Katherine Cove_2004Sunburst at Sunset at Katherine Cove, Lake Superior Provincial Park, Ontario

In my previous post I shared a similar image of this sunset at Katherine Cove. Above you will see the fish-eye version of the same scene. The Sigma 15mm f2.8 EX DG Diagonal Fish-Eye lens captured the sunburst much better than my Nikon 18-35mm lens did. At first I was unsure about the distorted horizon in this capture, but the more I look at it, the more I really like the distorted qualities of the image, and the nice thing with fish-eye lenses is the creative opportunities they provide photographers due to their ability to distort the landscape.

White Pine Roots and Granite_1926White Pine Root-scape on Granite Outcrop

After I had finished photographing various compositions at Chippewa Falls, which was also featured in the previous post, I turned to see this interesting root-scape spreading out across the granite outcrop. With the rounded look of the granite outcrop I immediately reached for the Sigma 15mm f2.8 EX DG Diagonal Fish-Eye to accentuate the effect.

I found this amazing lens to be most useful along woodland trails and the rugged Lake Superior shoreline where the terrain did not allow much room for a photographer to roam, without ending up in the lake 🙂 If you love photographing creative landscape imagery be sure to add a fish-eye lens such as the Sigma 15mm to your tool kit. The possibilities are endless when it comes to fish-eye lenses and the Sigma 15mm version is capable of photographing almost twice as close as the Nikon 16mm version!!!

Be sure to click HERE to read my review of the Sigma 15mm f2.8 EX DG Diagonal Fish-Eye in Denise Ippolito’s Creative Photography eMiniMagazine – an amazing, free, on-line resource for photographers wishing to explore their creative side. Be sure to sign-up for the mini-mag…it’s free!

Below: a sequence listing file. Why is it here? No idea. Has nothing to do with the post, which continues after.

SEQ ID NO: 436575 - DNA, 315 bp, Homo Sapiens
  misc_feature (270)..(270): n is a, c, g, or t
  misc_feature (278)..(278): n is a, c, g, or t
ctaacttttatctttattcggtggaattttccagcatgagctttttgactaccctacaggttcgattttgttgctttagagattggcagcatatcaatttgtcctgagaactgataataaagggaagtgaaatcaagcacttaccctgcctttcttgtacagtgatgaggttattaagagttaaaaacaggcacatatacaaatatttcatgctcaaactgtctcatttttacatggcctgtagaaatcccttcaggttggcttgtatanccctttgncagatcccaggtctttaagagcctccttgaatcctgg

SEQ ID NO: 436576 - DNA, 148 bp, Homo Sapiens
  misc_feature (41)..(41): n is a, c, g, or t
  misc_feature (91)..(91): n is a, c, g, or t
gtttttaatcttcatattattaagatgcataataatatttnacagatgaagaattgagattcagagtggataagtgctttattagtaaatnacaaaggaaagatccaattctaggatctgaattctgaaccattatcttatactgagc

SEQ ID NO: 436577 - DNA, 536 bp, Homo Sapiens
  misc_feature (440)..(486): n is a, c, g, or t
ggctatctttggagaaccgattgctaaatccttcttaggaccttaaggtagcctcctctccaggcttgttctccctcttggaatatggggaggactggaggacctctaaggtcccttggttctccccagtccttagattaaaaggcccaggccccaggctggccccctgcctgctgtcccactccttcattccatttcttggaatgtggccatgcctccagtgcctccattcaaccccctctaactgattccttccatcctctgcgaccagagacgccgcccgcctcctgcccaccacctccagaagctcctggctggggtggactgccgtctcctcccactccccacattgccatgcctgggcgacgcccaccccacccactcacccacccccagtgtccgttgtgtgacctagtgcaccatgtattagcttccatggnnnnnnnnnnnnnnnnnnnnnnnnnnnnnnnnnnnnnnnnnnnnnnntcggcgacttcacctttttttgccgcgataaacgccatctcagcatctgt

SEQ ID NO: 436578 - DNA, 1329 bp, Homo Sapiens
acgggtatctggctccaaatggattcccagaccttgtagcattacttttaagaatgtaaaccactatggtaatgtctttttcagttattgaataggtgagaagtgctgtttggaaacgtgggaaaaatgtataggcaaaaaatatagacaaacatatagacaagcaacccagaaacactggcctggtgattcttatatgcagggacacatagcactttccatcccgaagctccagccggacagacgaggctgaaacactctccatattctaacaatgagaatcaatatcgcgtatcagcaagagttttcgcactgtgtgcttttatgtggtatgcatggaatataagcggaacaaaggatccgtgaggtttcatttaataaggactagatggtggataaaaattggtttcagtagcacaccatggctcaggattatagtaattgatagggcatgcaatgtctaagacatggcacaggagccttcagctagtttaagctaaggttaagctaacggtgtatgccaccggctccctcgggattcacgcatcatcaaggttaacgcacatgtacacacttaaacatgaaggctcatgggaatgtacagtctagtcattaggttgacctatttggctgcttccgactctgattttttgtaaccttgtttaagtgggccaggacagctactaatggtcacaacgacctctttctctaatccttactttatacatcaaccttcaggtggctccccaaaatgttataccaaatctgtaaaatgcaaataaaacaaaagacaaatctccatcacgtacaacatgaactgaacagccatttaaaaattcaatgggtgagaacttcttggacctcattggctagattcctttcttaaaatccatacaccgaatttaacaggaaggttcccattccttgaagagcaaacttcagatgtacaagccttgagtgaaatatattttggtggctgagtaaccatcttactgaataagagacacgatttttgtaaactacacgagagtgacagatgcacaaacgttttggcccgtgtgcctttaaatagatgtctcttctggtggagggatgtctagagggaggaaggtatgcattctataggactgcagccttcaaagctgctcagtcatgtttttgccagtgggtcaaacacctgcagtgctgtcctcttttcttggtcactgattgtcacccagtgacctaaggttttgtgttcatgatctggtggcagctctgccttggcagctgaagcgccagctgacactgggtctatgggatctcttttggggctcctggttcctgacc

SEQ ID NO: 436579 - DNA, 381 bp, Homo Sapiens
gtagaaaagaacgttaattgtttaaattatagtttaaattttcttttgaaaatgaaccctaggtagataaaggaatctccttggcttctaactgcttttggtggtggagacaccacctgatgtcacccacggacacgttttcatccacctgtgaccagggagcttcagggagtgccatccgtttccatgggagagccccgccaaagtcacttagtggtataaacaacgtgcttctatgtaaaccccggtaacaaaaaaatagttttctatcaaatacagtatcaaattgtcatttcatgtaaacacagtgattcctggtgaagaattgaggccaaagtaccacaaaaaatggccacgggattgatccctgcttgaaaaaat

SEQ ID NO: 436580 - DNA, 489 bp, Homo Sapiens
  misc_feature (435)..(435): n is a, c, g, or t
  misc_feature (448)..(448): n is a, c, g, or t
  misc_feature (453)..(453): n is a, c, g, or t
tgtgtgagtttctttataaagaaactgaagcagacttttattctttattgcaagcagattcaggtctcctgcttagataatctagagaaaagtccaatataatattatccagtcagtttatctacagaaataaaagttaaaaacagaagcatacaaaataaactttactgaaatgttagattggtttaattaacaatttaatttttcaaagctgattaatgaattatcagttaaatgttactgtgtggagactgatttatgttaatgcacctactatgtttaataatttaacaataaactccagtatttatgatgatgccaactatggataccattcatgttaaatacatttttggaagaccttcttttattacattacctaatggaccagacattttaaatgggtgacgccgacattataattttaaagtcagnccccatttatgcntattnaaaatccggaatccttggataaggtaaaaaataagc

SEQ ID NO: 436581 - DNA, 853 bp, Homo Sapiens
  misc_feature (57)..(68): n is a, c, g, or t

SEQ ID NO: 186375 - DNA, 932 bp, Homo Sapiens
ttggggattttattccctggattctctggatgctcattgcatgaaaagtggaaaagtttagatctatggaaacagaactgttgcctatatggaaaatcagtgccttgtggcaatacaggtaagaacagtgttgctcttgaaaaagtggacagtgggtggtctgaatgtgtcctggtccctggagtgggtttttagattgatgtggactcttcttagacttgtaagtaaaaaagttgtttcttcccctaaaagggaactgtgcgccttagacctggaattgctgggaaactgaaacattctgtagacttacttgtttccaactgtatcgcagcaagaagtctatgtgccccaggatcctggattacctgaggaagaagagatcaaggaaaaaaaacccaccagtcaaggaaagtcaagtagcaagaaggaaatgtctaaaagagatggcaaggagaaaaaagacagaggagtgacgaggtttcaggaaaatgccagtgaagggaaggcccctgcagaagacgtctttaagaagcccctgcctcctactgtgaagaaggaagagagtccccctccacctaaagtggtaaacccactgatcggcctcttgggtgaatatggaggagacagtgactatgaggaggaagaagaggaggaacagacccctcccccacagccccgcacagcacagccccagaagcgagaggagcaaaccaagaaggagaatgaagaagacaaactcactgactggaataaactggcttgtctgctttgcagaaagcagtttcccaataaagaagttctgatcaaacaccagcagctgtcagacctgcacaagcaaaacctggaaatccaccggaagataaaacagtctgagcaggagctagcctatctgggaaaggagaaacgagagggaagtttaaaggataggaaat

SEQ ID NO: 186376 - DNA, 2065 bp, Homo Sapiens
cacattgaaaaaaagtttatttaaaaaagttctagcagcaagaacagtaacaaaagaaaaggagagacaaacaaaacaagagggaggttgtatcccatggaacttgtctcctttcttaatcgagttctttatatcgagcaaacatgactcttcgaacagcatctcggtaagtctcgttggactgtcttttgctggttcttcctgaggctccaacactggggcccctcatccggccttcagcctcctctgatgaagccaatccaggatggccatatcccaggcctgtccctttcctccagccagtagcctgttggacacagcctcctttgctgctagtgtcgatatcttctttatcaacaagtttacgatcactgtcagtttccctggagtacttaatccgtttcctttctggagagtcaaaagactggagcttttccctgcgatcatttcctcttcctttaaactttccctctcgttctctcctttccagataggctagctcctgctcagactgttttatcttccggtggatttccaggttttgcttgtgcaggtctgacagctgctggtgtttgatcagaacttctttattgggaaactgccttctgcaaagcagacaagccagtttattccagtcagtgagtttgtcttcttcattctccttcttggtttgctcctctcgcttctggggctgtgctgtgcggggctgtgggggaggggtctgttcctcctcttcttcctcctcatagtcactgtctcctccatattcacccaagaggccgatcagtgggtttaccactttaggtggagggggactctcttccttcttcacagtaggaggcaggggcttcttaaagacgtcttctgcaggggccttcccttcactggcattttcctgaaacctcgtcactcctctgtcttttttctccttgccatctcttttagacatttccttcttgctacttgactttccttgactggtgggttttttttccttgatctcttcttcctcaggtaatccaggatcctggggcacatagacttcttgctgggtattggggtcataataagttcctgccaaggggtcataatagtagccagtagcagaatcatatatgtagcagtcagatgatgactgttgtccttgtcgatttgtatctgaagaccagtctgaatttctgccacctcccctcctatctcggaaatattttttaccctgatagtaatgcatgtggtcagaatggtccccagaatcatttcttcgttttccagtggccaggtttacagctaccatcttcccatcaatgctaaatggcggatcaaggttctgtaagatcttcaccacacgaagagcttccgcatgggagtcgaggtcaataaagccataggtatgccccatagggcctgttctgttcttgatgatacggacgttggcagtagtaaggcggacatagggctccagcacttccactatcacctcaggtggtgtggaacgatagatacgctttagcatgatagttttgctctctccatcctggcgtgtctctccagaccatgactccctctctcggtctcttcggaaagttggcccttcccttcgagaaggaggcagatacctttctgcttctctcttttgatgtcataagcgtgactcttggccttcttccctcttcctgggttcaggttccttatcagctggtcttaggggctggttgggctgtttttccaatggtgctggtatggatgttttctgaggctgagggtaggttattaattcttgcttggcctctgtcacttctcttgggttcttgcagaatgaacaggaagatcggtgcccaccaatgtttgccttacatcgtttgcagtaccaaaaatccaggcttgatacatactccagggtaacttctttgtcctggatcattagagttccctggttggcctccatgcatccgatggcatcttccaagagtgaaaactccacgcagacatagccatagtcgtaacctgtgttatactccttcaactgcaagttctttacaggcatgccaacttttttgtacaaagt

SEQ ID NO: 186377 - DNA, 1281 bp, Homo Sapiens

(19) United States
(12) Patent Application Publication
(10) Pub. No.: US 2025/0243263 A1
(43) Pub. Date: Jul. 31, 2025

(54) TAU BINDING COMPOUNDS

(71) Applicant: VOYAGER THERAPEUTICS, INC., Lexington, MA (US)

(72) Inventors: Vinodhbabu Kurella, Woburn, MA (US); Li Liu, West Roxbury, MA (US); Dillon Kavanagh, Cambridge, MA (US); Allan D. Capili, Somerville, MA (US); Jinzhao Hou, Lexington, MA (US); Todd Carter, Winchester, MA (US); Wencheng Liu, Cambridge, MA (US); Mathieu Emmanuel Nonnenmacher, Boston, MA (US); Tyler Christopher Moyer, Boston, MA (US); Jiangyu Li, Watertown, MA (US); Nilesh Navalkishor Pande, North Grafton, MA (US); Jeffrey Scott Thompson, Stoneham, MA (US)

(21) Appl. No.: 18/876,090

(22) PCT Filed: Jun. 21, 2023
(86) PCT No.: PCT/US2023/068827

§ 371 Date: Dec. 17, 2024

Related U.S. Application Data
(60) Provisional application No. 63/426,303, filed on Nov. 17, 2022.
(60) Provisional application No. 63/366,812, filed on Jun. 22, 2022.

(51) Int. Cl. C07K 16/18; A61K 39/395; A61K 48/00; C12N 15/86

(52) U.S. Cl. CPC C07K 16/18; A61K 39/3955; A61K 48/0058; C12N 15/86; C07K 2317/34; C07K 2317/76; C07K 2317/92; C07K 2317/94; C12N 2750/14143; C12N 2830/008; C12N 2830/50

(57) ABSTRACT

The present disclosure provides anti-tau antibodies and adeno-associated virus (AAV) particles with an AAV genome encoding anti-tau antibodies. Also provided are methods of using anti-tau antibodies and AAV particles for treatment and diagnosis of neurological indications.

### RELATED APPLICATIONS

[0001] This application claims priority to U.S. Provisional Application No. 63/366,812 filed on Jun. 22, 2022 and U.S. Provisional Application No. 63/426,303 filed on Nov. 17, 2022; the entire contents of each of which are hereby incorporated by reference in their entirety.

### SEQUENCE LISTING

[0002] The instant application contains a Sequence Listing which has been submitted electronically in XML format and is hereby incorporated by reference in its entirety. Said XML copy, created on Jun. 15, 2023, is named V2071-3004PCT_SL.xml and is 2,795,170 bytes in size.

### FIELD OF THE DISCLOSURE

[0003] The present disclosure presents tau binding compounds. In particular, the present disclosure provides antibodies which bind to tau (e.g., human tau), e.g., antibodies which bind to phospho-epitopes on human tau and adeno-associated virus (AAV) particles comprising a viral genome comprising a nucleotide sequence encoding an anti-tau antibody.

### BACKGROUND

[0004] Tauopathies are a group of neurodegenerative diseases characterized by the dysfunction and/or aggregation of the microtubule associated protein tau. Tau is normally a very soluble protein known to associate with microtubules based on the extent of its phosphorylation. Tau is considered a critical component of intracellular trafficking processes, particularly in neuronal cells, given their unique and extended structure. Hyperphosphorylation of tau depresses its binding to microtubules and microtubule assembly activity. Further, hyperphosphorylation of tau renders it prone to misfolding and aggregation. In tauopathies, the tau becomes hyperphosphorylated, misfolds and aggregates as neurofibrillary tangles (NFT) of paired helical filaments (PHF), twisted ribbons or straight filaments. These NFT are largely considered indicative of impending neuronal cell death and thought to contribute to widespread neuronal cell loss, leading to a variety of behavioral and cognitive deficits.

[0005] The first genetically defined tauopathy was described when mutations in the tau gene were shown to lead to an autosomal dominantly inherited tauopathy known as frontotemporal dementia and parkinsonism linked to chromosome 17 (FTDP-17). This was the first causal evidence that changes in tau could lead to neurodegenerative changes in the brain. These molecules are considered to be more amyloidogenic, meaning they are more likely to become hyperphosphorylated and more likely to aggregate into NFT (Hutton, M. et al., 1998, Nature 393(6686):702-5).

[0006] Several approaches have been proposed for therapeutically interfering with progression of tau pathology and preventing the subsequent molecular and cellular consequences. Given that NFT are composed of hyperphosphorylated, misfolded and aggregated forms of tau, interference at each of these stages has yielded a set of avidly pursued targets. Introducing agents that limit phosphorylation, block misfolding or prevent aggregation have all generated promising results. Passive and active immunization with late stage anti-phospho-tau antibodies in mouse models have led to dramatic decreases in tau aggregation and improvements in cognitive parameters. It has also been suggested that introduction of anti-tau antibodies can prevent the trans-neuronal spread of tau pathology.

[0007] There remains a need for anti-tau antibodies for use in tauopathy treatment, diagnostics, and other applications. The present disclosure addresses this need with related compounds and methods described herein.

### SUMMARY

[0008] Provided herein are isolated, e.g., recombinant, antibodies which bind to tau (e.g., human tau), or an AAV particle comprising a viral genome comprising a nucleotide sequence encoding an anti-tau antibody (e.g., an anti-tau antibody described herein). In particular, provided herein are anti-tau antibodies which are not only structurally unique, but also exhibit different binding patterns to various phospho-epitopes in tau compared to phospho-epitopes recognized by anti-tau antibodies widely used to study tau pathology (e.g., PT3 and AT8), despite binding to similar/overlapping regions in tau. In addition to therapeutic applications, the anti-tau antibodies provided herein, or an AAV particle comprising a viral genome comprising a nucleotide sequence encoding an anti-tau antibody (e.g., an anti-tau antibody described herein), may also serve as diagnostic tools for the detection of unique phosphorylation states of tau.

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Woodland Interior_9943-Fractalius“HIGH VOLTAGE” Woodland Interior at Killbear Provincial Park, Ontario

In the newly published and popular eGuide “Fractastic: A Creative User Guide for the Redfield Fractalius Filter” Denise Ippolito and yours truly share many of our favorite, custom presets that we use regularly to create artistic renderings of our favorite photos. Whether you use our presets or develop your own set of custom presets doing so will save you a ton of time. The three fractalius renderings in this blog post were each created by selecting the presets found within the guide. In fact,the presets chosen worked so well for these images that I made virtually no further adjustments to the slider settings in the Fractalius interface. I simply loaded the images into Fractalius, selected my preferred custom preset and then hit the green check mark to apply the settings to the image. For the fish-eye lens woodland interior above I chose my ‘High Voltage‘ preset and set the left asterisk to black and the asterisk on the right to white – done.

Dahlia_632-Fractalius“ELECTRIFY” Dahlia Blossom

By loading this stunning dahlia blossom into Fractalius and selecting my ‘Electrify‘ preset the above rendering was born.

Old Mercury_8648-Fractalius“LINES-FROGS” Rusted Old Wreck (Gimme a Bullet)

What do frogs and a rusted old Mercury truck with bullet holes have in common? My ‘Line-Frogs’ preset. To create this rendering I simply scrolled through my bank of custom presets until I found the one that seemed to work best for this photograph. It just so happened to be one of my newer presets that I created for my frog fracting.

Do note that I will often load my fractalius renderings into Nik / Google’s Viveza 2 and add a little extra punch with the Structure slider.

To order your copy of this eGuide please click here.

Please remember to click on each of the images to view the larger, sharper versions.